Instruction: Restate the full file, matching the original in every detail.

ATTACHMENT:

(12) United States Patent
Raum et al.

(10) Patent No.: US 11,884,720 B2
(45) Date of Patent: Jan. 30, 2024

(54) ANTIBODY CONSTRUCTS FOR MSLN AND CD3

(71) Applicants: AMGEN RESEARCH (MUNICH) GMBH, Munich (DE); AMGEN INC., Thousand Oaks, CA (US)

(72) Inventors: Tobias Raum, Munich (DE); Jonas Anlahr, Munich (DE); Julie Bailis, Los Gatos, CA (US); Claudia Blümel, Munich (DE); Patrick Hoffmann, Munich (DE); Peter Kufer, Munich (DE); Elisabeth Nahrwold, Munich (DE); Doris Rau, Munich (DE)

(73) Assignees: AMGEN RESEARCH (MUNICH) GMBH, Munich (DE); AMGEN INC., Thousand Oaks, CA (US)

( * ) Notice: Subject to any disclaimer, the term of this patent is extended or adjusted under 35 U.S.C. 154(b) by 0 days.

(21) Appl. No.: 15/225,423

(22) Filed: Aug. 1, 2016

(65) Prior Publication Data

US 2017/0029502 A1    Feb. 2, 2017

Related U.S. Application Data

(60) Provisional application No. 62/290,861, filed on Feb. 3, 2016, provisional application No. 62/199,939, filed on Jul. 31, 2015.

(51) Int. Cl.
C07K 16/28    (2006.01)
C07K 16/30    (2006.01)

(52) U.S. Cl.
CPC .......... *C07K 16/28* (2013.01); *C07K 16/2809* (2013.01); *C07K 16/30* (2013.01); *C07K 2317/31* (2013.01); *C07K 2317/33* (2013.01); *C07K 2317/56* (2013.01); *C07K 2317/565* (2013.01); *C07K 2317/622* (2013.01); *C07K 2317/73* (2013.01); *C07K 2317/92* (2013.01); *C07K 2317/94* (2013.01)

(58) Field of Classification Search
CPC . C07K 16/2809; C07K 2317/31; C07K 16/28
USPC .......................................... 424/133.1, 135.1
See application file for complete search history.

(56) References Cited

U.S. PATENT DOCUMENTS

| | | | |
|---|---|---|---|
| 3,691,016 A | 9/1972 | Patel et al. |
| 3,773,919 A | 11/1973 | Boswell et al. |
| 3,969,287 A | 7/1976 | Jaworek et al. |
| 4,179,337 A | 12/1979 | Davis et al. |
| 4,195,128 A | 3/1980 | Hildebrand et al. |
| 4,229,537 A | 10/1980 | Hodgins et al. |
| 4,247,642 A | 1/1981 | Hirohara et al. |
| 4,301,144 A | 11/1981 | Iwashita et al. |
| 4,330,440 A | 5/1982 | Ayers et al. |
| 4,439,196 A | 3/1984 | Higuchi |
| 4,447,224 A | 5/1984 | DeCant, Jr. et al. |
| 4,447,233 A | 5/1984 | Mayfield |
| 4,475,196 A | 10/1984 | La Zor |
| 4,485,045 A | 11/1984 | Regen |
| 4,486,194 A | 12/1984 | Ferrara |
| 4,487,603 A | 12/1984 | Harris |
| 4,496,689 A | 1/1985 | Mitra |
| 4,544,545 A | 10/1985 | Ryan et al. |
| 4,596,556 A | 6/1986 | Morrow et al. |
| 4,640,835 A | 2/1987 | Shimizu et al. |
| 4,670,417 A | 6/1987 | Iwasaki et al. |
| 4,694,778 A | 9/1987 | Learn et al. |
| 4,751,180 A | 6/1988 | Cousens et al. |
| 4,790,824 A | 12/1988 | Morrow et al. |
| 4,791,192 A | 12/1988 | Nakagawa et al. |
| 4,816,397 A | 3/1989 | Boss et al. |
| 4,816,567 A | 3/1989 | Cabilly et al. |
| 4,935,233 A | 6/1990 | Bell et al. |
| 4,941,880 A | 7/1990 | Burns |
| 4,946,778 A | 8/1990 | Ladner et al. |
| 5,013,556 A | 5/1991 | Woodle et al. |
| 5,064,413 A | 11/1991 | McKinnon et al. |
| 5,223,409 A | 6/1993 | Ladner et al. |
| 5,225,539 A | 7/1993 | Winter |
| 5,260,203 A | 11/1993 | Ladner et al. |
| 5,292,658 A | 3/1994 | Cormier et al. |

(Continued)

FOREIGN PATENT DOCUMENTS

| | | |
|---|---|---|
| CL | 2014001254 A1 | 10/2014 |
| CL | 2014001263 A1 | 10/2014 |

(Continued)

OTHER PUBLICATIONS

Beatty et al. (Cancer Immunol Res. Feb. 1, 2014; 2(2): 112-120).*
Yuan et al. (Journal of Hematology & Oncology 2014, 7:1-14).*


(12) United States Patent
Raum et al.

(10) Patent No.: US 11,884,720 B2
(45) Date of Patent: Jan. 30, 2024

(54) ANTIBODY CONSTRUCTS FOR MSLN AND CD3

(71) Applicants: AMGEN RESEARCH (MUNICH) GMBH, Munich (DE); AMGEN INC., Thousand Oaks, CA (US)

(72) Inventors: Tobias Raum, Munich (DE); Jonas Anlahr, Munich (DE); Julie Bailis, Los Gatos, CA (US); Claudia Blümel, Munich (DE); Patrick Hoffmann, Munich (DE); Peter Kufer, Munich (DE); Elisabeth Nahrwold, Munich (DE); Doris Rau, Munich (DE)

(73) Assignees: AMGEN RESEARCH (MUNICH) GMBH, Munich (DE); AMGEN INC., Thousand Oaks, CA (US)

( * ) Notice: Subject to any disclaimer, the term of this patent is extended or adjusted under 35 U.S.C. 154(b) by 0 days.

(21) Appl. No.: 15/225,423

(22) Filed: Aug. 1, 2016

(65) Prior Publication Data

US 2017/0029502 A1    Feb. 2, 2017

Related U.S. Application Data

(60) Provisional application No. 62/290,861, filed on Feb. 3, 2016, provisional application No. 62/199,939, filed on Jul. 31, 2015.

(51) Int. Cl.
C07K 16/28    (2006.01)
C07K 16/30    (2006.01)

(52) U.S. Cl.
CPC .......... *C07K 16/28* (2013.01); *C07K 16/2809* (2013.01); *C07K 16/30* (2013.01); *C07K 2317/31* (2013.01); *C07K 2317/33* (2013.01); *C07K 2317/56* (2013.01); *C07K 2317/565* (2013.01); *C07K 2317/622* (2013.01); *C07K 2317/73* (2013.01); *C07K 2317/92* (2013.01); *C07K 2317/94* (2013.01)

(58) Field of Classification Search
CPC . C07K 16/2809; C07K 2317/31; C07K 16/28
USPC .......................................... 424/133.1, 135.1
See application file for complete search history.

(56) References Cited

U.S. PATENT DOCUMENTS

| | | | |
|---|---|---|---|
| 3,691,016 A | 9/1972 | Patel et al. |
| 3,773,919 A | 11/1973 | Boswell et al. |
| 3,969,287 A | 7/1976 | Jaworek et al. |
| 4,179,337 A | 12/1979 | Davis et al. |
| 4,195,128 A | 3/1980 | Hildebrand et al. |
| 4,229,537 A | 10/1980 | Hodgins et al. |
| 4,247,642 A | 1/1981 | Hirohara et al. |
| 4,301,144 A | 11/1981 | Iwashita et al. |
| 4,330,440 A | 5/1982 | Ayers et al. |
| 4,439,196 A | 3/1984 | Higuchi |
| 4,447,224 A | 5/1984 | DeCant, Jr. et al. |
| 4,447,233 A | 5/1984 | Mayfield |
| 4,475,196 A | 10/1984 | La Zor |
| 4,485,045 A | 11/1984 | Regen |
| 4,486,194 A | 12/1984 | Ferrara |
| 4,487,603 A | 12/1984 | Harris |
| 4,496,689 A | 1/1985 | Mitra |
| 4,544,545 A | 10/1985 | Ryan et al. |
| 4,596,556 A | 6/1986 | Morrow et al. |
| 4,640,835 A | 2/1987 | Shimizu et al. |
| 4,670,417 A | 6/1987 | Iwasaki et al. |
| 4,694,778 A | 9/1987 | Learn et al. |
| 4,751,180 A | 6/1988 | Cousens et al. |
| 4,790,824 A | 12/1988 | Morrow et al. |
| 4,791,192 A | 12/1988 | Nakagawa et al. |
| 4,816,397 A | 3/1989 | Boss et al. |
| 4,816,567 A | 3/1989 | Cabilly et al. |
| 4,935,233 A | 6/1990 | Bell et al. |
| 4,941,880 A | 7/1990 | Burns |
| 4,946,778 A | 8/1990 | Ladner et al. |
| 5,013,556 A | 5/1991 | Woodle et al. |
| 5,064,413 A | 11/1991 | McKinnon et al. |
| 5,223,409 A | 6/1993 | Ladner et al. |
| 5,225,539 A | 7/1993 | Winter |
| 5,260,203 A | 11/1993 | Ladner et al. |
| 5,292,658 A | 3/1994 | Cormier et al. |

(Continued)

FOREIGN PATENT DOCUMENTS

| | | |
|---|---|---|
| CL | 2014001254 A1 | 10/2014 |
| CL | 2014001263 A1 | 10/2014 |

(Continued)

OTHER PUBLICATIONS

Beatty et al. (Cancer Immunol Res. Feb. 1, 2014; 2(2): 112-120).*
Yuan et al. (Journal of Hematology & Oncology 2014, 7:1-14).*